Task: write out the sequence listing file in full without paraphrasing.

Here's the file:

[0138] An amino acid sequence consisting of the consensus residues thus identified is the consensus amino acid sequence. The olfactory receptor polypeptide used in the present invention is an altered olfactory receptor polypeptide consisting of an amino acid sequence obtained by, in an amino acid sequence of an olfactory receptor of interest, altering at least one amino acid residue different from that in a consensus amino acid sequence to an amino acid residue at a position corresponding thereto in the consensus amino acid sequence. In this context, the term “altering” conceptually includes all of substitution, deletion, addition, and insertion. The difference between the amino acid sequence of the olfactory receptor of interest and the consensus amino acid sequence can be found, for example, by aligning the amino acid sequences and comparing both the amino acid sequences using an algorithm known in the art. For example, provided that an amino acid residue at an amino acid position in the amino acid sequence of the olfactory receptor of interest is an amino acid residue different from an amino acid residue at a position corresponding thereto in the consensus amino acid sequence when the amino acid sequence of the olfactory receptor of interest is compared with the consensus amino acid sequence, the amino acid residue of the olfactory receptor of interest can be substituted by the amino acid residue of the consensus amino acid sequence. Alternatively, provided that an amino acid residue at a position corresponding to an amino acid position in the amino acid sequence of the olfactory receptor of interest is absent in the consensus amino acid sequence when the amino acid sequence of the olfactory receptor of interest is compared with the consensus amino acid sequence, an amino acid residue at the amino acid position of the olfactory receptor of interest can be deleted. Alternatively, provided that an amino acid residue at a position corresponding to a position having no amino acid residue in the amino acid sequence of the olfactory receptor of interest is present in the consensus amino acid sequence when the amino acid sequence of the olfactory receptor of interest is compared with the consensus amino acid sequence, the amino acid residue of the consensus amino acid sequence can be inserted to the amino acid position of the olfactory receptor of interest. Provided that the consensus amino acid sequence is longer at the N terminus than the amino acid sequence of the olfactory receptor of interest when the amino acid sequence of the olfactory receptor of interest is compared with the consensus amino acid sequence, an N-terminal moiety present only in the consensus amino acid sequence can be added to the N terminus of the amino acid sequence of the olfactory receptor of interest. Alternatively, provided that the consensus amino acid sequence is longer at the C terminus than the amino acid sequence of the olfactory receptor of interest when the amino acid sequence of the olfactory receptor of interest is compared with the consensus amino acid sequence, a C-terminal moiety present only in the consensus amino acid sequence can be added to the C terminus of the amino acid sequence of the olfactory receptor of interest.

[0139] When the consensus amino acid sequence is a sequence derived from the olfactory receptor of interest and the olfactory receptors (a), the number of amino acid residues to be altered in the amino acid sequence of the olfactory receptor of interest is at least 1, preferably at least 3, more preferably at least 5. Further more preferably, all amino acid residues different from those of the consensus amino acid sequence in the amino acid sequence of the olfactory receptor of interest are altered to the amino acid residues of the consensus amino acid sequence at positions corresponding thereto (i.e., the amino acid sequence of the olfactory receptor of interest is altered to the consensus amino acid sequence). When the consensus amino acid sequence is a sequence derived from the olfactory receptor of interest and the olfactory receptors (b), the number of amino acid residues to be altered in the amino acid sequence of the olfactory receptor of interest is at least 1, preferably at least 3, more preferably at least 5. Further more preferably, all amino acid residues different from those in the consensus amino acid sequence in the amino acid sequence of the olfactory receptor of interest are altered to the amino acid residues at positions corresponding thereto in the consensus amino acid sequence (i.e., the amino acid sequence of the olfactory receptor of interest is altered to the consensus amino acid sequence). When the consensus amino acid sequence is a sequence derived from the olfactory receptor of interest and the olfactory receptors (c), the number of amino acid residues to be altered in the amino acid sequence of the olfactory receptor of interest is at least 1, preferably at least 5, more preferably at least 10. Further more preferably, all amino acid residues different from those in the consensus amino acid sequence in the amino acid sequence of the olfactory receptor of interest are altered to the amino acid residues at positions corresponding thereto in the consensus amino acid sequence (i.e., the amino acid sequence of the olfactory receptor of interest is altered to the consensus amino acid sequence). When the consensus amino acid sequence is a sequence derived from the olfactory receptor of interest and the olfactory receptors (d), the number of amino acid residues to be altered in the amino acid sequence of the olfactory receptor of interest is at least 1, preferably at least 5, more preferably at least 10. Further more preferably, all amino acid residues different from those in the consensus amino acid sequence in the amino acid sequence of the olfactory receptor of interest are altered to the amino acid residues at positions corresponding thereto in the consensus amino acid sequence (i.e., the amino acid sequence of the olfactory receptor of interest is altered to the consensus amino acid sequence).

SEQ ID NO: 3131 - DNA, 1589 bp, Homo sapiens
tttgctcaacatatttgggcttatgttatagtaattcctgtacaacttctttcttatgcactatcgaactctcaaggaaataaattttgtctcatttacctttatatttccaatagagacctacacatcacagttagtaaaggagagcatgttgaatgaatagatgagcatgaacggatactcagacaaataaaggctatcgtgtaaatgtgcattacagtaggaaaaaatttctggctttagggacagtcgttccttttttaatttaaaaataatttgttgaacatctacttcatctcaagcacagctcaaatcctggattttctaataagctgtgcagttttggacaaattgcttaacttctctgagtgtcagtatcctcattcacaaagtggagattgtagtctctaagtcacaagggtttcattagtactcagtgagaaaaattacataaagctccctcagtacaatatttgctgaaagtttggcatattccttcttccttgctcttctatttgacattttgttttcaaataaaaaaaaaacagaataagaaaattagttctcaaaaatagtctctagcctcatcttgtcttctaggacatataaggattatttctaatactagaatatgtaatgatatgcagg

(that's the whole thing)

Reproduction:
[0138] An amino acid sequence consisting of the consensus residues thus identified is the consensus amino acid sequence. The olfactory receptor polypeptide used in the present invention is an altered olfactory receptor polypeptide consisting of an amino acid sequence obtained by, in an amino acid sequence of an olfactory receptor of interest, altering at least one amino acid residue different from that in a consensus amino acid sequence to an amino acid residue at a position corresponding thereto in the consensus amino acid sequence. In this context, the term “altering” conceptually includes all of substitution, deletion, addition, and insertion. The difference between the amino acid sequence of the olfactory receptor of interest and the consensus amino acid sequence can be found, for example, by aligning the amino acid sequences and comparing both the amino acid sequences using an algorithm known in the art. For example, provided that an amino acid residue at an amino acid position in the amino acid sequence of the olfactory receptor of interest is an amino acid residue different from an amino acid residue at a position corresponding thereto in the consensus amino acid sequence when the amino acid sequence of the olfactory receptor of interest is compared with the consensus amino acid sequence, the amino acid residue of the olfactory receptor of interest can be substituted by the amino acid residue of the consensus amino acid sequence. Alternatively, provided that an amino acid residue at a position corresponding to an amino acid position in the amino acid sequence of the olfactory receptor of interest is absent in the consensus amino acid sequence when the amino acid sequence of the olfactory receptor of interest is compared with the consensus amino acid sequence, an amino acid residue at the amino acid position of the olfactory receptor of interest can be deleted. Alternatively, provided that an amino acid residue at a position corresponding to a position having no amino acid residue in the amino acid sequence of the olfactory receptor of interest is present in the consensus amino acid sequence when the amino acid sequence of the olfactory receptor of interest is compared with the consensus amino acid sequence, the amino acid residue of the consensus amino acid sequence can be inserted to the amino acid position of the olfactory receptor of interest. Provided that the consensus amino acid sequence is longer at the N terminus than the amino acid sequence of the olfactory receptor of interest when the amino acid sequence of the olfactory receptor of interest is compared with the consensus amino acid sequence, an N-terminal moiety present only in the consensus amino acid sequence can be added to the N terminus of the amino acid sequence of the olfactory receptor of interest. Alternatively, provided that the consensus amino acid sequence is longer at the C terminus than the amino acid sequence of the olfactory receptor of interest when the amino acid sequence of the olfactory receptor of interest is compared with the consensus amino acid sequence, a C-terminal moiety present only in the consensus amino acid sequence can be added to the C terminus of the amino acid sequence of the olfactory receptor of interest.

[0139] When the consensus amino acid sequence is a sequence derived from the olfactory receptor of interest and the olfactory receptors (a), the number of amino acid residues to be altered in the amino acid sequence of the olfactory receptor of interest is at least 1, preferably at least 3, more preferably at least 5. Further more preferably, all amino acid residues different from those of the consensus amino acid sequence in the amino acid sequence of the olfactory receptor of interest are altered to the amino acid residues of the consensus amino acid sequence at positions corresponding thereto (i.e., the amino acid sequence of the olfactory receptor of interest is altered to the consensus amino acid sequence). When the consensus amino acid sequence is a sequence derived from the olfactory receptor of interest and the olfactory receptors (b), the number of amino acid residues to be altered in the amino acid sequence of the olfactory receptor of interest is at least 1, preferably at least 3, more preferably at least 5. Further more preferably, all amino acid residues different from those in the consensus amino acid sequence in the amino acid sequence of the olfactory receptor of interest are altered to the amino acid residues at positions corresponding thereto in the consensus amino acid sequence (i.e., the amino acid sequence of the olfactory receptor of interest is altered to the consensus amino acid sequence). When the consensus amino acid sequence is a sequence derived from the olfactory receptor of interest and the olfactory receptors (c), the number of amino acid residues to be altered in the amino acid sequence of the olfactory receptor of interest is at least 1, preferably at least 5, more preferably at least 10. Further more preferably, all amino acid residues different from those in the consensus amino acid sequence in the amino acid sequence of the olfactory receptor of interest are altered to the amino acid residues at positions corresponding thereto in the consensus amino acid sequence (i.e., the amino acid sequence of the olfactory receptor of interest is altered to the consensus amino acid sequence). When the consensus amino acid sequence is a sequence derived from the olfactory receptor of interest and the olfactory receptors (d), the number of amino acid residues to be altered in the amino acid sequence of the olfactory receptor of interest is at least 1, preferably at least 5, more preferably at least 10. Further more preferably, all amino acid residues different from those in the consensus amino acid sequence in the amino acid sequence of the olfactory receptor of interest are altered to the amino acid residues at positions corresponding thereto in the consensus amino acid sequence (i.e., the amino acid sequence of the olfactory receptor of interest is altered to the consensus amino acid sequence).

SEQ ID NO: 3131 - DNA, 1589 bp, Homo sapiens
tttgctcaacatatttgggcttatgttatagtaattcctgtacaacttctttcttatgcactatcgaactctcaaggaaataaattttgtctcatttacctttatatttccaatagagacctacacatcacagttagtaaaggagagcatgttgaatgaatagatgagcatgaacggatactcagacaaataaaggctatcgtgtaaatgtgcattacagtaggaaaaaatttctggctttagggacagtcgttccttttttaatttaaaaataatttgttgaacatctacttcatctcaagcacagctcaaatcctggattttctaataagctgtgcagttttggacaaattgcttaacttctctgagtgtcagtatcctcattcacaaagtggagattgtagtctctaagtcacaagggtttcattagtactcagtgagaaaaattacataaagctccctcagtacaatatttgctgaaagtttggcatattccttcttccttgctcttctatttgacattttgttttcaaataaaaaaaaaacagaataagaaaattagttctcaaaaatagtctctagcctcatcttgtcttctaggacatataaggattatttctaatactagaatatgtaatgatatgcagg